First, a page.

Note: As we move into an age of increasing social interaction, brought about by the internet and individual services such as Twitter, Facebook and Craigslist we're also seeing new and unexpected ways of being affected by the socially maladjusted. There has always been a fascination with the behavior of people in large groups, as it is a concept that is part and parcel of Theosophical lore. Today we have different tools and our own way of explaining things.
The following piece is from Robin Harris at ZDnet.
As more web content is crowd sourced and crowd moderated, are we seeing only the wisdom of crowds? No, we’re also seeing their prejudice. The Internet reflects both the good and ugly in human nature.
Mob-erating the web
said the fact that I accepted credit cards was a “bright line.”
I wrote and said I was a brand-new customer of SquareUp.com, a company that enables smart phone owners to accept credit card payments. Accepting credit cards today doesn’t require you to be a business.
The next morning Craigslist sent me an e-mail saying my posting was deleted. Curious, I researched Craigslist’s flagging policies and forum.
Craigslist has its own minimal requirements: no pet sales, no sales of illegal merchandise, etc. But anything can be flagged for any reason by anyone reading your listing.
For example, one man’s listing for a low mileage 35-year-old car was apparently flagged because readers thought he wanted too much money for it. Another was deleted because, apparently, people objected to the merchandise, even though it was available at local stores.
I say “apparently” because no one has to disclose their reasons for objecting. The forum responders were often as uncertain as the deleted poster.
You might think that if someone asks more than we want to pay we won’t buy it. But on Craigslist price vigilantes think you shouldn’t even have the right to list it.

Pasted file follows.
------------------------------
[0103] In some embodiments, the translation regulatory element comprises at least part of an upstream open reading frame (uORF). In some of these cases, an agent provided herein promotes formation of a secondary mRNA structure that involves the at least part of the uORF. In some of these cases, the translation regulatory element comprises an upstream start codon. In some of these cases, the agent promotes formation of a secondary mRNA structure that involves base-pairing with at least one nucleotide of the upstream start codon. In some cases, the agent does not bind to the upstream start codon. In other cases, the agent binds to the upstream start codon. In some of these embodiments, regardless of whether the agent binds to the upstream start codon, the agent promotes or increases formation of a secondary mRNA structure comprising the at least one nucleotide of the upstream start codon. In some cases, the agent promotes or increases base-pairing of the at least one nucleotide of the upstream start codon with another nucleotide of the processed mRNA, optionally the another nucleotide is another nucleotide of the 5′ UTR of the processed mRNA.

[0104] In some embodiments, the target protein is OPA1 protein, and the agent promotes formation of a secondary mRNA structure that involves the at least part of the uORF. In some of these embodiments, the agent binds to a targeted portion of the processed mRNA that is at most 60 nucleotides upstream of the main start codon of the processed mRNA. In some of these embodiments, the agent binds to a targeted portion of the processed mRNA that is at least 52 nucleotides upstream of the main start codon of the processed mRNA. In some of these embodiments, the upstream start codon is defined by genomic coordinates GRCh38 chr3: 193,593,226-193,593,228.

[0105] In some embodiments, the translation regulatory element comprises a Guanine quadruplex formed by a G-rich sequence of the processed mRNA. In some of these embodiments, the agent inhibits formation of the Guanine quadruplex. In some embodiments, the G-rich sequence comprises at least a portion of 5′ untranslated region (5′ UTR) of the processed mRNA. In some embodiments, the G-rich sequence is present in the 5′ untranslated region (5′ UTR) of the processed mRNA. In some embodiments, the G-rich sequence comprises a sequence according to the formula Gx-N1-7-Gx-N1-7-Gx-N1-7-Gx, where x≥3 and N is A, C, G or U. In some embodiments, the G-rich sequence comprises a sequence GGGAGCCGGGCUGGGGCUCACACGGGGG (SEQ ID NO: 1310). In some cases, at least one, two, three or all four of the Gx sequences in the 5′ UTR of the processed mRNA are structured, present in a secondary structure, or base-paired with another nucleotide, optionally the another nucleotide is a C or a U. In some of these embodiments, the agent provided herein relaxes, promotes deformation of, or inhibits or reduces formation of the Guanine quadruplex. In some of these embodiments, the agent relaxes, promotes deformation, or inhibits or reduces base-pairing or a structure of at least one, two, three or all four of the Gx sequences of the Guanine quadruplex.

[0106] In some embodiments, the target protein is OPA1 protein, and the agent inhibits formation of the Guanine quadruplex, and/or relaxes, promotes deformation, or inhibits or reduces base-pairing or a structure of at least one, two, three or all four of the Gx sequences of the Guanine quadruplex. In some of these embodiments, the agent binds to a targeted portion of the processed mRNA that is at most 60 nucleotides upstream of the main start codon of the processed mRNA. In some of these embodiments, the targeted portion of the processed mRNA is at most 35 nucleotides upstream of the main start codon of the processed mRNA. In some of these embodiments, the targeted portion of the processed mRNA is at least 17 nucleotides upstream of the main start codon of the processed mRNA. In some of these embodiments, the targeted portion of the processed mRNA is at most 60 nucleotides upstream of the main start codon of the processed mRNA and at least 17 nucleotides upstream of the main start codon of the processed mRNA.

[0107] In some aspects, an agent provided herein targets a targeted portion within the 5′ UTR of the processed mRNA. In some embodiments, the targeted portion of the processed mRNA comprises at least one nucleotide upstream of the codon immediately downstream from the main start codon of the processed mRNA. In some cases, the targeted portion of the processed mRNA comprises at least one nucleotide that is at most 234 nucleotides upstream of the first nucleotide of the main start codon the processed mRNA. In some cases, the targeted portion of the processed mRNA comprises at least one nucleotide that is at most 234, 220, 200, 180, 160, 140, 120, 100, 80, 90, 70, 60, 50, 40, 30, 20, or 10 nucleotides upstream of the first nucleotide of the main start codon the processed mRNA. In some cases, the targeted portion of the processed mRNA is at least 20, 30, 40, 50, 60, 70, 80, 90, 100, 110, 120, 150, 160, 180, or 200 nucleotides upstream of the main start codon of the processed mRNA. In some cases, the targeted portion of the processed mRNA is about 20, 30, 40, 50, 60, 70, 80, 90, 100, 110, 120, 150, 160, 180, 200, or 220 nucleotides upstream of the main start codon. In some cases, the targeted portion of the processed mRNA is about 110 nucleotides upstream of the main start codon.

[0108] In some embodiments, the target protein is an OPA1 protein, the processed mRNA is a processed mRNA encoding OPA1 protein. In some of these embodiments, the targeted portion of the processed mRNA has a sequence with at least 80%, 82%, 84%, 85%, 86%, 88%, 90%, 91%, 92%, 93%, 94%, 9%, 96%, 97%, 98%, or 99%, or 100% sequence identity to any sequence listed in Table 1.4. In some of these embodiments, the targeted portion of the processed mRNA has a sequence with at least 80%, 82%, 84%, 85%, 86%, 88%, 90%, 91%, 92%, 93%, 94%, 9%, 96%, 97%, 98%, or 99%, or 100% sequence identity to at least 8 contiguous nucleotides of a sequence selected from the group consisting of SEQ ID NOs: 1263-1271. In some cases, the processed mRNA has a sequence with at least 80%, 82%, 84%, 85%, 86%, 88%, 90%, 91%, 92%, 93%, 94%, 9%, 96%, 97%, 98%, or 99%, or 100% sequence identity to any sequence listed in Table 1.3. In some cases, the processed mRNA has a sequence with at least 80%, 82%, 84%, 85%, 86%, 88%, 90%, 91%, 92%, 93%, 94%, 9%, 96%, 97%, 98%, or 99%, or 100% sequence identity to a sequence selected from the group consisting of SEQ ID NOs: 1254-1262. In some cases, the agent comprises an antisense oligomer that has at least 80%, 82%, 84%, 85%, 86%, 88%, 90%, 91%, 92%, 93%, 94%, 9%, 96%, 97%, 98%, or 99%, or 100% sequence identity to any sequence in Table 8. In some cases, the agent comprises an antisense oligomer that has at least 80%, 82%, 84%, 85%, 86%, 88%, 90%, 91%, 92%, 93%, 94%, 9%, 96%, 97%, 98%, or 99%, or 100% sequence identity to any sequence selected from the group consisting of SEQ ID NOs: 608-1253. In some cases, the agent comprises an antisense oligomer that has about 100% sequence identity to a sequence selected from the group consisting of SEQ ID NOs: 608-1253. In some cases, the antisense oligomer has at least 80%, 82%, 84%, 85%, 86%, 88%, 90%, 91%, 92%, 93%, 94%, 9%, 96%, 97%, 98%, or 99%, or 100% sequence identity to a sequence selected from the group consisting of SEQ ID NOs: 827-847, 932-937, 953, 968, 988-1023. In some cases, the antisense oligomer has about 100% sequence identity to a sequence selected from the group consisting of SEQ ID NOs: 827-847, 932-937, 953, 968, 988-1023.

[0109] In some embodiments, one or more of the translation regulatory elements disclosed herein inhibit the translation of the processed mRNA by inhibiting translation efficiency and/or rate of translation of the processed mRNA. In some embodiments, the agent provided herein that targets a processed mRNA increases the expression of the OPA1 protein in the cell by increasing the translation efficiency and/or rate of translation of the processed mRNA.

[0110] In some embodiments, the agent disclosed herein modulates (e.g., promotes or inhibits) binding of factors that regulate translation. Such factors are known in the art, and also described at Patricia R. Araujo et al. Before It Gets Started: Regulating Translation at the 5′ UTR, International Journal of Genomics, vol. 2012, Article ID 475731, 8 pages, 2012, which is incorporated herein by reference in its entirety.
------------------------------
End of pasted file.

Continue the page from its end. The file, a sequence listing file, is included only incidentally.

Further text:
You can also be deleted for who you are, not just what you sell. A non-peer reviewed study of Craigslist personals found that ads by men for men were significantly more likely to be
flagged then ads by women for men.
The study isn’t proof that crowd-moderators are biased against gays. But if people are willing to cut off someone whose price they don’t like, it isn’t hard to see them flagging a sexual preference as well.
CL’s defenders said it took dozens or hundreds of flags before a post was removed, but I wasn’t able to find any confirmation of this. Seems unlikely in sparsely populated northern Arizona.
The Storage Bits take
Craigslist went to crowd moderation years ago because of the volume of their ads. Likewise, Google’s page rank algorithm uses the link choices of millions of people to determine where your
site shows up on a page of results.
Craigslist claims that 98% of the flagged listings are, in fact, in breach of Craigslist standards. If that were true - and really, how can they know? - out of 1 billion listings that is 20 million who are wrongfully deleted.
That’s a lot of censorship, disguised by the impersonality of the web. Who knows if some retailers are paying to flag listings that compete?
Any system relying on people implicitly encodes prejudices as well. In a world where one politician with a call girl is forced to resign and another is handily reelected, there is no hope for moral or intellectual consistency in crowd-sourced or moderated content.
For example, Craigslist’s adult services was targeted by several attorneys general. CL’s defense noted that the same content could be found in many local newspapers, but to no avail.
That shows our freedom of speech is better protected when bought and paid for. The web is censored and manipulated in more ways than we know.